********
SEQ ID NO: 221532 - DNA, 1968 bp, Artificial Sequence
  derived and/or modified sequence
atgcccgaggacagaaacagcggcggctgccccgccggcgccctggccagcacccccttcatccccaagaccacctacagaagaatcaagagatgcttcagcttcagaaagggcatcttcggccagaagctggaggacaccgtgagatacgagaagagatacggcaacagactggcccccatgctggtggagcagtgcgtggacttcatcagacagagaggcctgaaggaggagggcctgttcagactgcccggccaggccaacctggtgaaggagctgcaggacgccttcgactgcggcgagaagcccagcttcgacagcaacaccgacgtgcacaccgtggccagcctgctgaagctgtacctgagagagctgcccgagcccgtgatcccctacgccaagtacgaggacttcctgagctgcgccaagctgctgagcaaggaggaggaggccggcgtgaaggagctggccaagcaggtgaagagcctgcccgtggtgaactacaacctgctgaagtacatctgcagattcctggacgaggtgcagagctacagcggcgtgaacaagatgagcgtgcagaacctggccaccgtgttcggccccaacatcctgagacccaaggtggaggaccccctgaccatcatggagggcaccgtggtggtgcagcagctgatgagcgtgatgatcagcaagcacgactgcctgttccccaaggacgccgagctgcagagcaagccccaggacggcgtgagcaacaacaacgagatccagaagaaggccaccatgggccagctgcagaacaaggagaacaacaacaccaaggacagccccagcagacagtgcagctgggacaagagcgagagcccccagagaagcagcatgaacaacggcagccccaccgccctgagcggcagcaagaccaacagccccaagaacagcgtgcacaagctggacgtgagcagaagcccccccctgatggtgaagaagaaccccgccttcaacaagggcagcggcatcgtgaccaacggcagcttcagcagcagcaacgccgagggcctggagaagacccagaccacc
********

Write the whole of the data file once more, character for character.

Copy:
SEQ ID NO: 221532 - DNA, 1968 bp, Artificial Sequence
  derived and/or modified sequence
atgcccgaggacagaaacagcggcggctgccccgccggcgccctggccagcacccccttcatccccaagaccacctacagaagaatcaagagatgcttcagcttcagaaagggcatcttcggccagaagctggaggacaccgtgagatacgagaagagatacggcaacagactggcccccatgctggtggagcagtgcgtggacttcatcagacagagaggcctgaaggaggagggcctgttcagactgcccggccaggccaacctggtgaaggagctgcaggacgccttcgactgcggcgagaagcccagcttcgacagcaacaccgacgtgcacaccgtggccagcctgctgaagctgtacctgagagagctgcccgagcccgtgatcccctacgccaagtacgaggacttcctgagctgcgccaagctgctgagcaaggaggaggaggccggcgtgaaggagctggccaagcaggtgaagagcctgcccgtggtgaactacaacctgctgaagtacatctgcagattcctggacgaggtgcagagctacagcggcgtgaacaagatgagcgtgcagaacctggccaccgtgttcggccccaacatcctgagacccaaggtggaggaccccctgaccatcatggagggcaccgtggtggtgcagcagctgatgagcgtgatgatcagcaagcacgactgcctgttccccaaggacgccgagctgcagagcaagccccaggacggcgtgagcaacaacaacgagatccagaagaaggccaccatgggccagctgcagaacaaggagaacaacaacaccaaggacagccccagcagacagtgcagctgggacaagagcgagagcccccagagaagcagcatgaacaacggcagccccaccgccctgagcggcagcaagaccaacagccccaagaacagcgtgcacaagctggacgtgagcagaagcccccccctgatggtgaagaagaaccccgccttcaacaagggcagcggcatcgtgaccaacggcagcttcagcagcagcaacgccgagggcctggagaagacccagaccacc